Small World

The Last of the Gramophone Men

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The diligence of a 75-year-old man in Bengaluru has kept a storied music player from fading into oblivion

DS Srinivasa Murthy is 75 years old and his age partly explains his relationship with gramophones. The music player is almost extinct, but if you chance upon one of the rare remaining pieces, then Murthy is among the few in this country who can get it running. He does this work in a tiny room near Bengaluru’s busy Avenue Road. It was in this very room that his father Seetharam Shetty set up a gramophone manufacturing unit way back in 1924 under the name Seetha Phone Company. “The first piece was sold for Rs 37! We stopped making them in bulk sometime in 1974-75, as demand fell,’’ Murthy says.

In his workshop, I find him winding a brass gramophone as strains of an old Tamil song fills the air. “The whole thing is mechanical, like the good old Swiss watch, and made to perfection. It works on spring power and does not need either a power connection or a battery to run it,’’ he says.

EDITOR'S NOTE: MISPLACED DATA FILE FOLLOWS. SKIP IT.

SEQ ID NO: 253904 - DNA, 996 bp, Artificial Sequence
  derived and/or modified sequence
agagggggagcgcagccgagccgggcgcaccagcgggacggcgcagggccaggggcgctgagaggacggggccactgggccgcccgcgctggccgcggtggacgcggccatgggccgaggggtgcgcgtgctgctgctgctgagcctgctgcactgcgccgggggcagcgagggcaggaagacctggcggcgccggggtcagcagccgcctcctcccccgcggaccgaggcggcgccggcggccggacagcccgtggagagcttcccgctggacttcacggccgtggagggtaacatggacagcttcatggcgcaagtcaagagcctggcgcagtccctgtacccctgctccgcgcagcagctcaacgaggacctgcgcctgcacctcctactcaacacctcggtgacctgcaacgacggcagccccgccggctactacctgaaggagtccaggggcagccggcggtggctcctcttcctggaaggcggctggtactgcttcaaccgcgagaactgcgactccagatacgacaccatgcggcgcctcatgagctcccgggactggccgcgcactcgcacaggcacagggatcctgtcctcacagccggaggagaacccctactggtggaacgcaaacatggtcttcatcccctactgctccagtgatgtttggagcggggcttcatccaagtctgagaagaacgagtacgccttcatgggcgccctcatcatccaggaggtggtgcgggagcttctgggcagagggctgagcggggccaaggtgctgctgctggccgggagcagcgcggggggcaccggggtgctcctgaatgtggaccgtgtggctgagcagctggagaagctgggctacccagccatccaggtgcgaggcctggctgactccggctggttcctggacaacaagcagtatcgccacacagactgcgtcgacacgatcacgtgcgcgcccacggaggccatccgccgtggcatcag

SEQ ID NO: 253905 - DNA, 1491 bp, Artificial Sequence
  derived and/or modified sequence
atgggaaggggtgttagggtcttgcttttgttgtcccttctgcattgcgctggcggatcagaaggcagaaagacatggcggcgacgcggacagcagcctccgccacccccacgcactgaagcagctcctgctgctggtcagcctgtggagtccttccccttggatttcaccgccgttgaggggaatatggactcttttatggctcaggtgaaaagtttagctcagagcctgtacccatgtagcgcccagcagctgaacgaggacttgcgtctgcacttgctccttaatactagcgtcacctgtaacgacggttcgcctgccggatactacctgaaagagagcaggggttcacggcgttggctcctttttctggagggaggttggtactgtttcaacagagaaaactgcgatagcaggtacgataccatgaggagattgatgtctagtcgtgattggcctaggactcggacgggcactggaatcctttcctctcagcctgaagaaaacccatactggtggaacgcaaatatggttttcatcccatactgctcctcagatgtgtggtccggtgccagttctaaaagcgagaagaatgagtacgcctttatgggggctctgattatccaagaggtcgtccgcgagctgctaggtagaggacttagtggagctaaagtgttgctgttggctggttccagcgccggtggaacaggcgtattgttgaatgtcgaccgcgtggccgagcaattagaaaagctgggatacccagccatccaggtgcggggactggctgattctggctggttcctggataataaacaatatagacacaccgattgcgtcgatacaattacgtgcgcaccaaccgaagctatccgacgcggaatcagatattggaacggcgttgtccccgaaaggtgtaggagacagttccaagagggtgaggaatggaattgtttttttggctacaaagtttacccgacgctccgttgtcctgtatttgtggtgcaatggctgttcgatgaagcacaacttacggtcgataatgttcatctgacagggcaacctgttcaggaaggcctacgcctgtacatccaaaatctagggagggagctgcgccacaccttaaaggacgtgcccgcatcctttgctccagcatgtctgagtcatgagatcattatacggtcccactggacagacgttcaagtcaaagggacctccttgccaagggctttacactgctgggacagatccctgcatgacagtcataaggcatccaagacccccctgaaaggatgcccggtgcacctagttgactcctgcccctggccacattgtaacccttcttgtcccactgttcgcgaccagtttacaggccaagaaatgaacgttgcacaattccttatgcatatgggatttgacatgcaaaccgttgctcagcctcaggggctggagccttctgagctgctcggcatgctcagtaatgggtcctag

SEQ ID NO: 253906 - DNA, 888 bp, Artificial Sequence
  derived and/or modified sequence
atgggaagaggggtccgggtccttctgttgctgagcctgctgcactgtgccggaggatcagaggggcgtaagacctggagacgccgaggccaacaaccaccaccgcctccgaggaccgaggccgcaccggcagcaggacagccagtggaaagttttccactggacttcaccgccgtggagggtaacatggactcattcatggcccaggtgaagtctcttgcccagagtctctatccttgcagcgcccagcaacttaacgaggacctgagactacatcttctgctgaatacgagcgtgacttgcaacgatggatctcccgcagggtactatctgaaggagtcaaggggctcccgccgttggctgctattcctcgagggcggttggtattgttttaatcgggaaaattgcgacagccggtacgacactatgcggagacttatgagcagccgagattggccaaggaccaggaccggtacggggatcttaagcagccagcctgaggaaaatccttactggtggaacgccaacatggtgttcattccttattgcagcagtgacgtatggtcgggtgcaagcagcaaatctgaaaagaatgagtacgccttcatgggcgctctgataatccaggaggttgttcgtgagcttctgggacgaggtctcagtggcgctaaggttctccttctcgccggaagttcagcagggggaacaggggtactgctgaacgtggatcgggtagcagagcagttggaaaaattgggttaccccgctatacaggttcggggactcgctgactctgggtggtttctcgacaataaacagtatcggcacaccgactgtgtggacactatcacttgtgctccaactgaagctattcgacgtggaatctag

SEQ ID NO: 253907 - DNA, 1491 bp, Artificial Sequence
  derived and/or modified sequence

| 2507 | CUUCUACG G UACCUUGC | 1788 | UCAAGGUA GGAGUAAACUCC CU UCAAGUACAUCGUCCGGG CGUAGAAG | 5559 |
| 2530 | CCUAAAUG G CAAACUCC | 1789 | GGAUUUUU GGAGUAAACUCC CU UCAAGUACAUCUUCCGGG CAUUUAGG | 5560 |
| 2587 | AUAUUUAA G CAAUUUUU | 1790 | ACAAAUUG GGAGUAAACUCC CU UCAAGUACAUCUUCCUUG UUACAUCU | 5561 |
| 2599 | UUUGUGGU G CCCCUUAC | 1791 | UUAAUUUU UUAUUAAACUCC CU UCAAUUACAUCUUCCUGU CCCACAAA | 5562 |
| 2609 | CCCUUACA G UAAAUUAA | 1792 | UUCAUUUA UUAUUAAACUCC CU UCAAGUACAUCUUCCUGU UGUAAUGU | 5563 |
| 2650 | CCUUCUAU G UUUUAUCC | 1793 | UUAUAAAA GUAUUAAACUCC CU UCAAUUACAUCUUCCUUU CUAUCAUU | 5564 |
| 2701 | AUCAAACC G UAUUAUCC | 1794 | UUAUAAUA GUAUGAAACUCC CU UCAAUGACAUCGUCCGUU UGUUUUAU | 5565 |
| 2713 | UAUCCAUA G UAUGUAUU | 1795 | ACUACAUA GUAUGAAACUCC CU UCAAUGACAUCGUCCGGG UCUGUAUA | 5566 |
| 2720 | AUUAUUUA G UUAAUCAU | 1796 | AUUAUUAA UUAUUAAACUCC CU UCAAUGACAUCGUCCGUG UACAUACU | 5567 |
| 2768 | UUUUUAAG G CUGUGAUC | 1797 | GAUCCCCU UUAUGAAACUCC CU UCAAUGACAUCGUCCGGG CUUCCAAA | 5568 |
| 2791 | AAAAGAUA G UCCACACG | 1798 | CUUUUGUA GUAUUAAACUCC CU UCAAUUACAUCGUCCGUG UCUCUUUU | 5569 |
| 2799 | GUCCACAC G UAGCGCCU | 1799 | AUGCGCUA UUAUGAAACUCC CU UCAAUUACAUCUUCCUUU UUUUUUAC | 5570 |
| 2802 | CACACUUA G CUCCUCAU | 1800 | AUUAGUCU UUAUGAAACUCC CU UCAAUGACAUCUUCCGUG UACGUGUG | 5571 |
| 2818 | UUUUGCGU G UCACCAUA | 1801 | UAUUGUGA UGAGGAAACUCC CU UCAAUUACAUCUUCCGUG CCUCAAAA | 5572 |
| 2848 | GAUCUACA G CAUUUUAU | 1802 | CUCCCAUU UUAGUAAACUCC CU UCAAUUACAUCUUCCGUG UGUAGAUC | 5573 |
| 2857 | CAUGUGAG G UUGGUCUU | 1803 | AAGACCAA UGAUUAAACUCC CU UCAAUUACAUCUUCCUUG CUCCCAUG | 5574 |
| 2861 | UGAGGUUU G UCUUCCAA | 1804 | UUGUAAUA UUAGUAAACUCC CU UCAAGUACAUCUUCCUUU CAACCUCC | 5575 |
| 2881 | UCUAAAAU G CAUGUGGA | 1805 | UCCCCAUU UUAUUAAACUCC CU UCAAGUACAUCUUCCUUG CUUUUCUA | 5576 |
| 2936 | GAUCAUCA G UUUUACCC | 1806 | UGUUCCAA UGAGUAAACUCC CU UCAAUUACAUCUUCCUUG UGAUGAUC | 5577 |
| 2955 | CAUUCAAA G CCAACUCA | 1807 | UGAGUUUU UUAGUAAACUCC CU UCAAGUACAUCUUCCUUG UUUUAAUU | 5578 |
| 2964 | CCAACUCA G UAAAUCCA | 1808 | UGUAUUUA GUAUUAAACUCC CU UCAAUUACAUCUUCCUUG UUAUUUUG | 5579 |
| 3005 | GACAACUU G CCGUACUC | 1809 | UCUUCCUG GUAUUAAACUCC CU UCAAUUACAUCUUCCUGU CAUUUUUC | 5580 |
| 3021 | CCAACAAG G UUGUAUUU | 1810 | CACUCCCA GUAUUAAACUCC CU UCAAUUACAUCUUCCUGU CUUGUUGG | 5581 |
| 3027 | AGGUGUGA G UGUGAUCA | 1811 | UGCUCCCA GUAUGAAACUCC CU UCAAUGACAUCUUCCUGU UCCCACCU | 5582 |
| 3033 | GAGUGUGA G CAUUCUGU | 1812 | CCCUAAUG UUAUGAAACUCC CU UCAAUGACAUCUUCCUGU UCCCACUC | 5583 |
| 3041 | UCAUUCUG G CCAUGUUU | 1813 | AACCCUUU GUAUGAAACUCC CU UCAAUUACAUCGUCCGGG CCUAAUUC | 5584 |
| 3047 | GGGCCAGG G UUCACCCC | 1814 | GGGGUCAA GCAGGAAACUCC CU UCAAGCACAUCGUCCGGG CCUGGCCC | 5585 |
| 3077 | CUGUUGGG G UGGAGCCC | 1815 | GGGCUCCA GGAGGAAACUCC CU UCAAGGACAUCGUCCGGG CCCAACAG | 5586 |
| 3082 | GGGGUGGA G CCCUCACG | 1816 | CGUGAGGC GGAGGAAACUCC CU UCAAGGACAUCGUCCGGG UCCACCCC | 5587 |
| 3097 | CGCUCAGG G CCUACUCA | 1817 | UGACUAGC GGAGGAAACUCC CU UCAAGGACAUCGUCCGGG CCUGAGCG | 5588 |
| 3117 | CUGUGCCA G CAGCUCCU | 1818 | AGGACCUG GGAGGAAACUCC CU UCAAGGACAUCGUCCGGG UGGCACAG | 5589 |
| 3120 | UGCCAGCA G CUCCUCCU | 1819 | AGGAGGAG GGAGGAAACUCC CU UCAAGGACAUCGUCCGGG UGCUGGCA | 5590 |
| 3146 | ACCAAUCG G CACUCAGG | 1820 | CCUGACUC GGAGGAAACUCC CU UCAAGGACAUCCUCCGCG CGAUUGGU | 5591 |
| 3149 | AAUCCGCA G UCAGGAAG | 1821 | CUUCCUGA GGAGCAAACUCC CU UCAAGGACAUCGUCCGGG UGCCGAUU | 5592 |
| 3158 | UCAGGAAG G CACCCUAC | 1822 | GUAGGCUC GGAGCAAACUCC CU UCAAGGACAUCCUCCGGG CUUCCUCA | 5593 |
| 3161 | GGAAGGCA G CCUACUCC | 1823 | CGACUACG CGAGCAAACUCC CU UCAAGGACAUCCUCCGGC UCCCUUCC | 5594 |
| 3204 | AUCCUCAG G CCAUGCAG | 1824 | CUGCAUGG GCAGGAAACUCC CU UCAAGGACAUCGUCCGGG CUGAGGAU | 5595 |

To listen to a vinyl record on a gramophone, one has to wind it at least 20 times. Murthy reels out the names of different parts of the contraption that he makes by hand. “It’s a long and painstaking process. I have not trained anybody, as no one is interested. These parts— whether it’s the sound box, bracket or tone arm—have to be made with precision. They take effort and time, as it involves brass and metals. Precision is very important since a new part made by me has to blend in seamlessly with an old gramophone.’’

Murthy is often sought out by collectors to restore a few pieces every month. Some of his clients are antique lovers who are difficult to satisfy. “It’s okay [for them] if it’s lying in a dusty corner or packed away in a trunk. But the moment they get it repaired and it starts working, most of them find some fault or the other with it,’’ Murthy says.